When you're tired of city life — or just tired of life on the ground — there's nothing more wonderful than scampering up a tree to your bedroom. A few lucky people among us actually get to do it. Here are the places they go: the most beautiful and bizarre tree houses in the world.
Teahouse Tetsu, designed by Terunobu Fujimori to the Kiyharu Shirakaba Museum, Japan
It stands on a cypress trunk, among cherry blossom trees.
The Naha Harbor Diner in Okinawa, Japan, 20 ft (6 m) above the ground on a Gajumaru tree.
It's accessible by both a spiral stairway and an elevator built inside the trunk.
When a treehouse meets an old Boeing 727: The Hotel Costa Verde in Costa Rica
An 1965 Boeing is standing on a 50-foot pedestal in the middle of the Costa Rican jungle and serving as a luxurious hotel with hand-carved furniture items and air-conditioned bedrooms. It looks really unique, but there are some other buildings made out of old airplanes.
(via Costa Verde)
An amazing three-story house somewhere in British Columbia, Canada
Mt. Crested Butte Residence, Mt. Crested Butte, Colorado, designed in 1985, completed in 1987
From the front door one could ski down to the ski lift, take the lift and ski back down to the house. A central shaft that runs vertically through the house supports the house. In the interior the central shaft is a fireplace for each of the house's three floors. The house is designed with two garages on each of the entry floors. One enters the house on a split-level. A half level up has two master bedroom suites separated by the central shaft with a fireplace and whirlpool in it. A half level down from the entry is the community family areas, living, kitchen, etc. The lowest level is the children's playroom/ dormitory. – as it stands on the architect's homepage.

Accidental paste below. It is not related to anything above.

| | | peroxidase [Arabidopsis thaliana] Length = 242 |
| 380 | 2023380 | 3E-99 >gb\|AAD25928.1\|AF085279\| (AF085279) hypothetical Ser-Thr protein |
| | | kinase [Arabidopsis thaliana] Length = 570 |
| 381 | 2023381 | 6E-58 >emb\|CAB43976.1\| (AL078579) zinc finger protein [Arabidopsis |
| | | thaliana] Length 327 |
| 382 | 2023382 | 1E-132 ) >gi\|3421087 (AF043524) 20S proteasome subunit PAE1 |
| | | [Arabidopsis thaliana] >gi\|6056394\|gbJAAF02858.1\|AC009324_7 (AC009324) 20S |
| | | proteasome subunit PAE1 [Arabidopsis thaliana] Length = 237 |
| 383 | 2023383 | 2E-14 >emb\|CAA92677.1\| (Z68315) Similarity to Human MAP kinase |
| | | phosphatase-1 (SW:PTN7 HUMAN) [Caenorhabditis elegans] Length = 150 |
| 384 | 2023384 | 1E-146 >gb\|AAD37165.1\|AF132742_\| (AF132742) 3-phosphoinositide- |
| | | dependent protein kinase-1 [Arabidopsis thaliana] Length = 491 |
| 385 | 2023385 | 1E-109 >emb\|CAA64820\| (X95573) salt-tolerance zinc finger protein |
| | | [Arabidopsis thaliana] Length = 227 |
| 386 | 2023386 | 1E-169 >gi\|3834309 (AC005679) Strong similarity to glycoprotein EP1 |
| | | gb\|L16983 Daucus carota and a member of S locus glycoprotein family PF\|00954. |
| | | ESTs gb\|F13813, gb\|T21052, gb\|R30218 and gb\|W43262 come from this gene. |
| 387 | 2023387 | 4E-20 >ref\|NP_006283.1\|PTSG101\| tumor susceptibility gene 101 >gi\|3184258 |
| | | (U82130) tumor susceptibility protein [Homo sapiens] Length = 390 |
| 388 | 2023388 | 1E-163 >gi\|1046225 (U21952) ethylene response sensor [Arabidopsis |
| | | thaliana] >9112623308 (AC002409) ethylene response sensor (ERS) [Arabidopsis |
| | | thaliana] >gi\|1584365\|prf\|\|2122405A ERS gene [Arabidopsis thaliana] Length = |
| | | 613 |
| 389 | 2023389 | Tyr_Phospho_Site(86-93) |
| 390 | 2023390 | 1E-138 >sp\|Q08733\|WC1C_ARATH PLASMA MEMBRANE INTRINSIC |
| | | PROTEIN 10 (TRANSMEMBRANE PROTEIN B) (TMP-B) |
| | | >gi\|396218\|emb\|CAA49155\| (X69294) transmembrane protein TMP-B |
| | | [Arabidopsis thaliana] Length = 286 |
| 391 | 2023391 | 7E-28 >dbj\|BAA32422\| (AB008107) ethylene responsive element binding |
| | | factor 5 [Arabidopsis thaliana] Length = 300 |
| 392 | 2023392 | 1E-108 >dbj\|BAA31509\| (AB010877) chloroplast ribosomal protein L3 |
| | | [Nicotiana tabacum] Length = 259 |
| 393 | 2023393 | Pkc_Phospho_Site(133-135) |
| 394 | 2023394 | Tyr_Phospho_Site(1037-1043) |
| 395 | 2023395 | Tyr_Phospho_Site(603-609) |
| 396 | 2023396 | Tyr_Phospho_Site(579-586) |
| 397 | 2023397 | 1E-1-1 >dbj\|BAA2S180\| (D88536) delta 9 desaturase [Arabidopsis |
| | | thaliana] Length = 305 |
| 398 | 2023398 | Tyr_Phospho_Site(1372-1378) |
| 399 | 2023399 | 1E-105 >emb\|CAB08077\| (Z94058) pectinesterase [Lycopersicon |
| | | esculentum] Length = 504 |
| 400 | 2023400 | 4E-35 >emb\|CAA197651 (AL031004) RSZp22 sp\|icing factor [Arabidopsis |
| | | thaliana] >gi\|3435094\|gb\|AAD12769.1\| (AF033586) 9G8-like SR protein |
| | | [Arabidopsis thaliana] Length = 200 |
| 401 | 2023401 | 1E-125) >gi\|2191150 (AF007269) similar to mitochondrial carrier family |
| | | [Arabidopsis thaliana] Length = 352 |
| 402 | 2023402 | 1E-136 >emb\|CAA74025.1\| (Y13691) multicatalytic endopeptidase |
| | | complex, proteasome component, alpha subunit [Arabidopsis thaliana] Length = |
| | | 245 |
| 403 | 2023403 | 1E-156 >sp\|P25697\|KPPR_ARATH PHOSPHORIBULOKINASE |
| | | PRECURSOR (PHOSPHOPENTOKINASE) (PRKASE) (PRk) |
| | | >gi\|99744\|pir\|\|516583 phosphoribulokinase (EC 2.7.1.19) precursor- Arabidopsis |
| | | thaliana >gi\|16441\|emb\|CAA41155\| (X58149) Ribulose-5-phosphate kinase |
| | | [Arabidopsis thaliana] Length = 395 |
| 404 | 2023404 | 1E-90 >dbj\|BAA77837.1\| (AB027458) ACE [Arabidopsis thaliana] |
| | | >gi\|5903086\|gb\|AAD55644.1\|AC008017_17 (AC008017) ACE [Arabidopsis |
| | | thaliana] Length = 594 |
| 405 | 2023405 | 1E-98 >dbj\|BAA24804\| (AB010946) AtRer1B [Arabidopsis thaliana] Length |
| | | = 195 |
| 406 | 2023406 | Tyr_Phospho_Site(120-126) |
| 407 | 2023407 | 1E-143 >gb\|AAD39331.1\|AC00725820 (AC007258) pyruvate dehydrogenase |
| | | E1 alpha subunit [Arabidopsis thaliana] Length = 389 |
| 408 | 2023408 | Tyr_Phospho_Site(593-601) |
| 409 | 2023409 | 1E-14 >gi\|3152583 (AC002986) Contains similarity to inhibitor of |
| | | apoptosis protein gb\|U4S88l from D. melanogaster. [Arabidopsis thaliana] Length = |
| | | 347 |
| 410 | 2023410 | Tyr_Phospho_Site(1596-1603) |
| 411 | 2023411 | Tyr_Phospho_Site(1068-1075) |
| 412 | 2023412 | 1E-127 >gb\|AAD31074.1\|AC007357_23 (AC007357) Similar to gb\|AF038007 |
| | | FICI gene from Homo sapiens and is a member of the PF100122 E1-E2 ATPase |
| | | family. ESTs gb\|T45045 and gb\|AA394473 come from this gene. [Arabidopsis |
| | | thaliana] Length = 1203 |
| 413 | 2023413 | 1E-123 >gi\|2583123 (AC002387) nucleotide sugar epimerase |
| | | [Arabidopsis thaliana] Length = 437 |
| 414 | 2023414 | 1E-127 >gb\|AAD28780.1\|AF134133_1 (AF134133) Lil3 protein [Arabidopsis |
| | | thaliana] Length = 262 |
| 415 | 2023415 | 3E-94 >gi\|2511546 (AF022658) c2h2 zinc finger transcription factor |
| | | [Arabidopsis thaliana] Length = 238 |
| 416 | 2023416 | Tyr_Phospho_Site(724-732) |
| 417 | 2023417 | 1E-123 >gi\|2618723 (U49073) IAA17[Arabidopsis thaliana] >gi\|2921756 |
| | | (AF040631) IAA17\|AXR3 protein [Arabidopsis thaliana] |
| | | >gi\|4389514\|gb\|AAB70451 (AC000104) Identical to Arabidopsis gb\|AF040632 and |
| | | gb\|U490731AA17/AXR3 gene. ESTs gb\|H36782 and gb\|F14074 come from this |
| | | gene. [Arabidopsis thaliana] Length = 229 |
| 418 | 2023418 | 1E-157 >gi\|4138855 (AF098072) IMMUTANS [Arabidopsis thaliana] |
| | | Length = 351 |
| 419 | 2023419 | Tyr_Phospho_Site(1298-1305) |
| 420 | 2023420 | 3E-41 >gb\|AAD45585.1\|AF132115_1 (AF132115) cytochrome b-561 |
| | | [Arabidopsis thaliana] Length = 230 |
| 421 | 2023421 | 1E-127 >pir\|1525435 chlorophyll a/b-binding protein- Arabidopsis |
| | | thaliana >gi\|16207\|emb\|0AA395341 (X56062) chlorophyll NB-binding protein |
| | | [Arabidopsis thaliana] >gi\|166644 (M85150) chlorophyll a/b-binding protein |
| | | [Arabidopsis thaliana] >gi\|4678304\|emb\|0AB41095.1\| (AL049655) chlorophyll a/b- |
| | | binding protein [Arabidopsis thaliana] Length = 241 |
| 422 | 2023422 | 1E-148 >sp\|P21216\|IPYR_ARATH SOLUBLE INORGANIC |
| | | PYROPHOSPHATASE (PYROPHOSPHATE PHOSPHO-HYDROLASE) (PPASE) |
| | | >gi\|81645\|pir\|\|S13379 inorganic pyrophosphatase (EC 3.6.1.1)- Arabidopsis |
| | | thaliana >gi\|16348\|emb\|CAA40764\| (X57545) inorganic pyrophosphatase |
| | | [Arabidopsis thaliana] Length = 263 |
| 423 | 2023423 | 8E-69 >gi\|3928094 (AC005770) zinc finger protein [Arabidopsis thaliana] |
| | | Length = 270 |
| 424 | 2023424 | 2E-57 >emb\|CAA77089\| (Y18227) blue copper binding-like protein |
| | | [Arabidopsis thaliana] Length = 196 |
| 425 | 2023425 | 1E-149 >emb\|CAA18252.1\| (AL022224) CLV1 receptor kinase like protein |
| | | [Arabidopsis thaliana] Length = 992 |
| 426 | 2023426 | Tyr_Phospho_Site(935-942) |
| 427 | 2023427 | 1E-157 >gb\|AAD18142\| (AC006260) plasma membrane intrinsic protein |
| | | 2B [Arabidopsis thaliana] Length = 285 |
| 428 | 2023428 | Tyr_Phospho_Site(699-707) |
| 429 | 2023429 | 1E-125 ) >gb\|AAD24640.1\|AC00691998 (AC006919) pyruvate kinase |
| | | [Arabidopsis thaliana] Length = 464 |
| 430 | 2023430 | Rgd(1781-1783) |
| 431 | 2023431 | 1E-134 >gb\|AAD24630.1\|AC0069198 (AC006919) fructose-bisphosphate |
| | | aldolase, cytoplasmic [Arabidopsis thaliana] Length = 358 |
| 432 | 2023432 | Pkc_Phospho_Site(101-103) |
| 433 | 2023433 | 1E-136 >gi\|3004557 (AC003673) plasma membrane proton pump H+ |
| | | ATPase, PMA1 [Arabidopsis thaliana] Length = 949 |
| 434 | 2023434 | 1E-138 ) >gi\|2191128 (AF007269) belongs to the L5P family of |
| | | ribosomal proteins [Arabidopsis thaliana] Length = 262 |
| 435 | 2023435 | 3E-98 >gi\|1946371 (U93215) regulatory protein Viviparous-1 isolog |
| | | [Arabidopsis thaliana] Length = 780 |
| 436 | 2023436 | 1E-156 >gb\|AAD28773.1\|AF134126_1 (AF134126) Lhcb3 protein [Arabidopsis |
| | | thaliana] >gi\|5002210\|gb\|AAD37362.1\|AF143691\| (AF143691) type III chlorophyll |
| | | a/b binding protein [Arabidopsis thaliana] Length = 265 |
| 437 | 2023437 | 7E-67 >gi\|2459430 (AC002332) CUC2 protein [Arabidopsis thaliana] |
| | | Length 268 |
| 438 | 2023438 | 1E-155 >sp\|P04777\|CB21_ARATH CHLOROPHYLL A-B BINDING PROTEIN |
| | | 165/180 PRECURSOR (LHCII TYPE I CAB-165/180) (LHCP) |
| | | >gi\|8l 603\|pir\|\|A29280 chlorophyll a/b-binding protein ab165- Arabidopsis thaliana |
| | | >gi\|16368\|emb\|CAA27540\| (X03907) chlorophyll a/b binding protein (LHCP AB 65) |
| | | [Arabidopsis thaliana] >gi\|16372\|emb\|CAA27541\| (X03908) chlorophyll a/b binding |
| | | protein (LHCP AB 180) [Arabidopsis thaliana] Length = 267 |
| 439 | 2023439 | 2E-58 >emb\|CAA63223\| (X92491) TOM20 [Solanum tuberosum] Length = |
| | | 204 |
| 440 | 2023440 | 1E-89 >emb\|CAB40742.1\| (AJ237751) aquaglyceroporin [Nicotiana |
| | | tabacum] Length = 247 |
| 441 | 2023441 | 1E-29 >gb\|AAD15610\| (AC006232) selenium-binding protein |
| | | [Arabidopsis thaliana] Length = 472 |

The Free Spirit Spheres, wood and fiberglass spherical tree houses in Vancouver Island, Canada
The Mirrorcube, a 13x13x13 (4x4x4 m) ft mirrored glass box, designed by Tham & Videgard Architekter, opened in 2010
The HemLoft Treehouse, designed and constructed by Joel Allen in Whistler, Canada, 2008-2011
(via Joel Allen)
Bird-apartment by Nendo at the Momofuku Ando nature centre in Komoro, Japan.
The place has 78 entrances for birds and a big round hole for humans. The treehouse was built for observing birds.
The Bird's Nest, a hotel in the trees by Inrednin Gsgruppen, 2010
(via Nordic Design)
Wilkinson Residence, Portland, Oregon, designed in 1997 by Robet Harvey Oshatz, completed in 2004.
Too-High Teahouse, built by a Japanese professor of architecture named Terunobu Fujimori, completed in 2004 in Takasugi-an, Japan, in his father's garden.
Yellow Treehouse Restaurant, by Pacific Environments in Auckland, New Zealand, 2008-2009.
The building stands on a more than 130 ft (40 m) high Redwood tree.
The Minister's Treehouse in Crossville, Tennessee, built by Minister Horace Burgess for fourteen years from only $12,000. The building is 97 ft (29.5 m) tall, has five stories, a church and a bell tower. The bells are repurposed oxygen acetylene bottles.